Drought Nixes Fireworks Across States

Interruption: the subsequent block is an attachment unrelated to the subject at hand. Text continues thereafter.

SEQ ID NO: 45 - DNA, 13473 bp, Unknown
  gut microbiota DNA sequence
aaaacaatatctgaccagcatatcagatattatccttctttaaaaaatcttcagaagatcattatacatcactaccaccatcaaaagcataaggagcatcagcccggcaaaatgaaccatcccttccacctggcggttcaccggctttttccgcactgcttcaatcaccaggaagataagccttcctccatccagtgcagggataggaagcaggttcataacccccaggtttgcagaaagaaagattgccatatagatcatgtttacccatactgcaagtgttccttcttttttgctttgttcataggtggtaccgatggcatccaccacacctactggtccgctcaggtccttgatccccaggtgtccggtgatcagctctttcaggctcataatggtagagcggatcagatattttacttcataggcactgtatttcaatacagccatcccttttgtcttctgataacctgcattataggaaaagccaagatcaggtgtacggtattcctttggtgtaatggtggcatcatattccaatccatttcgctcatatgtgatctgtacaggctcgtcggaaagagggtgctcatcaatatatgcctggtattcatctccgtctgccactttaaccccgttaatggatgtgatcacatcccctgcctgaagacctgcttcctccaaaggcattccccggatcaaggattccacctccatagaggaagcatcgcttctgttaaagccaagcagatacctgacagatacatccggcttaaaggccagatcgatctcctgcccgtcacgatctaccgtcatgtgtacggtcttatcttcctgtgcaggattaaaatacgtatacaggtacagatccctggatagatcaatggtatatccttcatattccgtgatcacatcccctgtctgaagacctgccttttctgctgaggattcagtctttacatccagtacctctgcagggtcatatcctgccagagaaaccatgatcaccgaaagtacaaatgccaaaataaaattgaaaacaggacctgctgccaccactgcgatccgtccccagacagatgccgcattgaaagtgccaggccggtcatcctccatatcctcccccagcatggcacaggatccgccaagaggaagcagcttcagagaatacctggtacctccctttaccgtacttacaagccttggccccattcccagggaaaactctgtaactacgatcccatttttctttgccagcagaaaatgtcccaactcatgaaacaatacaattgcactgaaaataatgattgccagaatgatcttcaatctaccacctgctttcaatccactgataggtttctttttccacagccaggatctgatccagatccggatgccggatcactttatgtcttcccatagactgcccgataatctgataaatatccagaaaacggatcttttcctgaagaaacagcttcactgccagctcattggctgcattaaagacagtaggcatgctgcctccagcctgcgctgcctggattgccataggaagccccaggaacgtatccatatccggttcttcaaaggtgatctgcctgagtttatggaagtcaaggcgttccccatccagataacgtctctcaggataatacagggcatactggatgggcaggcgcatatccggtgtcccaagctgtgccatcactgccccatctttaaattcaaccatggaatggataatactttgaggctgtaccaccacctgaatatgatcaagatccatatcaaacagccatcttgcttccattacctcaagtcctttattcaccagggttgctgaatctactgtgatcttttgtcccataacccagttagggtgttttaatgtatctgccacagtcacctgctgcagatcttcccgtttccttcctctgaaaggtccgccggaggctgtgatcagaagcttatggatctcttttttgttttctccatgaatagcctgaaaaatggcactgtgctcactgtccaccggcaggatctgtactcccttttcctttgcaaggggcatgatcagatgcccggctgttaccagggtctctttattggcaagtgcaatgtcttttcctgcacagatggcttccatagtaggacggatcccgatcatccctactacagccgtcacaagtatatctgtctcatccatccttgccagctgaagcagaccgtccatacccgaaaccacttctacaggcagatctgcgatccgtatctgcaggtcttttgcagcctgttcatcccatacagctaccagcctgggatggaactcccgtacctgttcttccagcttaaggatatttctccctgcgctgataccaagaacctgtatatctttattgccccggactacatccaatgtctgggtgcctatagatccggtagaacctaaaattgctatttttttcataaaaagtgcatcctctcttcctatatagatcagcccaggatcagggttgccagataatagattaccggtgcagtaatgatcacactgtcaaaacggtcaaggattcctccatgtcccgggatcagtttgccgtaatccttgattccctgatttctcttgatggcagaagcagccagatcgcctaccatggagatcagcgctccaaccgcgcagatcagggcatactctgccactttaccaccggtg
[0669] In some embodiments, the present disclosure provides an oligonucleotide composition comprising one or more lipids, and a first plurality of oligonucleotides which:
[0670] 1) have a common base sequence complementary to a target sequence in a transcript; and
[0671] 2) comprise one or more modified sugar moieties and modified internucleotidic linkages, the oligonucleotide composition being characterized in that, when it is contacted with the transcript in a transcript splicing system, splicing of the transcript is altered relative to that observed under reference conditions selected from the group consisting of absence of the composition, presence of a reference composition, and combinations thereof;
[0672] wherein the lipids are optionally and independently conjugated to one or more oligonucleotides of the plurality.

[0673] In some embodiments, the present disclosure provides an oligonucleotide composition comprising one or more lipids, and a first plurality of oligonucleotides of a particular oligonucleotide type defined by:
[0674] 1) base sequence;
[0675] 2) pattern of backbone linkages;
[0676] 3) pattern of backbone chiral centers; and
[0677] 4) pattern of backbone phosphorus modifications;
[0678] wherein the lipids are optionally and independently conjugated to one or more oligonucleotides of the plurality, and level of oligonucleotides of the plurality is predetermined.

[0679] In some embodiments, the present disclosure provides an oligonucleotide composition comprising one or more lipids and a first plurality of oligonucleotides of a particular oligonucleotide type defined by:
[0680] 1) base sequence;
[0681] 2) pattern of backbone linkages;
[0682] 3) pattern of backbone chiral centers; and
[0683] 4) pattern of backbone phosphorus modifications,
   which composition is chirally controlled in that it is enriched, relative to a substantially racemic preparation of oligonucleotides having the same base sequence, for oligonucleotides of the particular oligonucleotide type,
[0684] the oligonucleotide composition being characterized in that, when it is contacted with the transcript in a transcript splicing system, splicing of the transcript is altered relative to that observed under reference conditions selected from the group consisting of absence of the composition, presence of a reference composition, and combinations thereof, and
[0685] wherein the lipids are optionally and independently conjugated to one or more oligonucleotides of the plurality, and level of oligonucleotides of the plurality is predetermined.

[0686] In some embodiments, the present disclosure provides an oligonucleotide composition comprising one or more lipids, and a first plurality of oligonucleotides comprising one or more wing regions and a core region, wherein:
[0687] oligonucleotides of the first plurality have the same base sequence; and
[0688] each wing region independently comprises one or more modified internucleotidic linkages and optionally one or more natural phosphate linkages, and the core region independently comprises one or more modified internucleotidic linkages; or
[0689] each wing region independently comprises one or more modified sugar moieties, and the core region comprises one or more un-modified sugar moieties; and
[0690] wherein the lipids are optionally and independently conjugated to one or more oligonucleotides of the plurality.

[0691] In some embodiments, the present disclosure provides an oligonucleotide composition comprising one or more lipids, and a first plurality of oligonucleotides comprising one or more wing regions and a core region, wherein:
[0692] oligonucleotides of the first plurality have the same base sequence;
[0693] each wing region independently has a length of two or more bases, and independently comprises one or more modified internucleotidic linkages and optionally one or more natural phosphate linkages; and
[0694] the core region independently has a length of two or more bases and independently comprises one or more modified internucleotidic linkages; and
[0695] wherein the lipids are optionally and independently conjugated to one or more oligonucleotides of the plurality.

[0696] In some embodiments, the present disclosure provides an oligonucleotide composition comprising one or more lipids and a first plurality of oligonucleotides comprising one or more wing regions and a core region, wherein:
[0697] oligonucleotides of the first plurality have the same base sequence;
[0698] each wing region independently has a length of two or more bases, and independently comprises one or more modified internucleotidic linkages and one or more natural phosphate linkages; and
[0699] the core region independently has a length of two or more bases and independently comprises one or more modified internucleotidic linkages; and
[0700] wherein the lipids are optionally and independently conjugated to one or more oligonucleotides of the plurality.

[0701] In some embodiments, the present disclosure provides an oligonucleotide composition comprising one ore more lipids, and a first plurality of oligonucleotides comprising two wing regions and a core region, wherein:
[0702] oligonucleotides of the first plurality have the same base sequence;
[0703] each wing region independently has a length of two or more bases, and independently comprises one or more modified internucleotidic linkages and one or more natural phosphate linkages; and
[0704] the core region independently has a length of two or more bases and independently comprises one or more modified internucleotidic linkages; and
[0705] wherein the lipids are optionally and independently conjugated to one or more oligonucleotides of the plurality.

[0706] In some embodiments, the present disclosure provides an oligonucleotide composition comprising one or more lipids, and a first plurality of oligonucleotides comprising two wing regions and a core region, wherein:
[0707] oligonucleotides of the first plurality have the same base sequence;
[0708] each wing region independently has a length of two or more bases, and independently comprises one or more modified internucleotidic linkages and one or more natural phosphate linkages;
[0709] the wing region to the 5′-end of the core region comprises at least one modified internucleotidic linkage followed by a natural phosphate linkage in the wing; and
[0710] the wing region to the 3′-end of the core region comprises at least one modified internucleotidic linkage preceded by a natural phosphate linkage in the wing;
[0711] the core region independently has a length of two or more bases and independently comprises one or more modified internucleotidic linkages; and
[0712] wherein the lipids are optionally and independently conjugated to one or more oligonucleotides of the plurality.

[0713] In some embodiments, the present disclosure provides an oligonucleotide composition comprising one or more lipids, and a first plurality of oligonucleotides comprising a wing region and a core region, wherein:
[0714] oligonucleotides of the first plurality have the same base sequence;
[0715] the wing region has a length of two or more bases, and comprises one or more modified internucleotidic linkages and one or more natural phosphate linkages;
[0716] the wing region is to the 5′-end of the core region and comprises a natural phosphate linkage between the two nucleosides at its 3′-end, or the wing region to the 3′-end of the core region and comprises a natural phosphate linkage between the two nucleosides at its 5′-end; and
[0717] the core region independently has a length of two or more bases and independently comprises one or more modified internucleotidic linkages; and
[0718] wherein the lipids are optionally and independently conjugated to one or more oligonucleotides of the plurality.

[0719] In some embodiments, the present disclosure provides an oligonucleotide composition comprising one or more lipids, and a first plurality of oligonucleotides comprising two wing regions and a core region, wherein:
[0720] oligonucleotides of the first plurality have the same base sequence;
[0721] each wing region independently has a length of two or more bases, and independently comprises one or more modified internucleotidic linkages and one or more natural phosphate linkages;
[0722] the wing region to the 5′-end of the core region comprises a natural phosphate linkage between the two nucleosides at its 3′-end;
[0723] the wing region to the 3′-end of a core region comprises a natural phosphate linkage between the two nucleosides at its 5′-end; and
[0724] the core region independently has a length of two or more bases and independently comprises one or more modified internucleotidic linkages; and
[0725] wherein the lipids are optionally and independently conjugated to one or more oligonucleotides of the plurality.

Its not the perchlorates, its the heat. Burbank:, they are doing a laser show. "From a fire standpoint and a safety standpoint, it was an easy call," Burbank Fire Chief Tracy Pansini says. He recommended calling off fireworks at the Starlight Bowl because they're launched from a mountainside covered with vegetation that's "all dead." Alabama: Alabaster, Ala., canceled its public fireworks and Fire Chief Frank Matherson might propose at a City Council meeting Monday that all fireworks be prohibited."Most people will comply because they see how dry it is," he says. Water restrictions, including a ban on watering lawns, make fireworks even more risky, he says. Kentucky: A 120-day ban on fireworks in Kentucky's Daniel Boone National Forest took effect Tuesday, says fire management officer Mitch Gandy. The 700,000-acre forest is popular with families with their own fireworks. It's the first ban since 1999. "We've had 70 fires so far this year," Gandy says. "Fireworks land in the leaves and set fires, which is potentially very dangerous." The fine for possessing or igniting fireworks: $75. ::USA Today via ::Drudge Report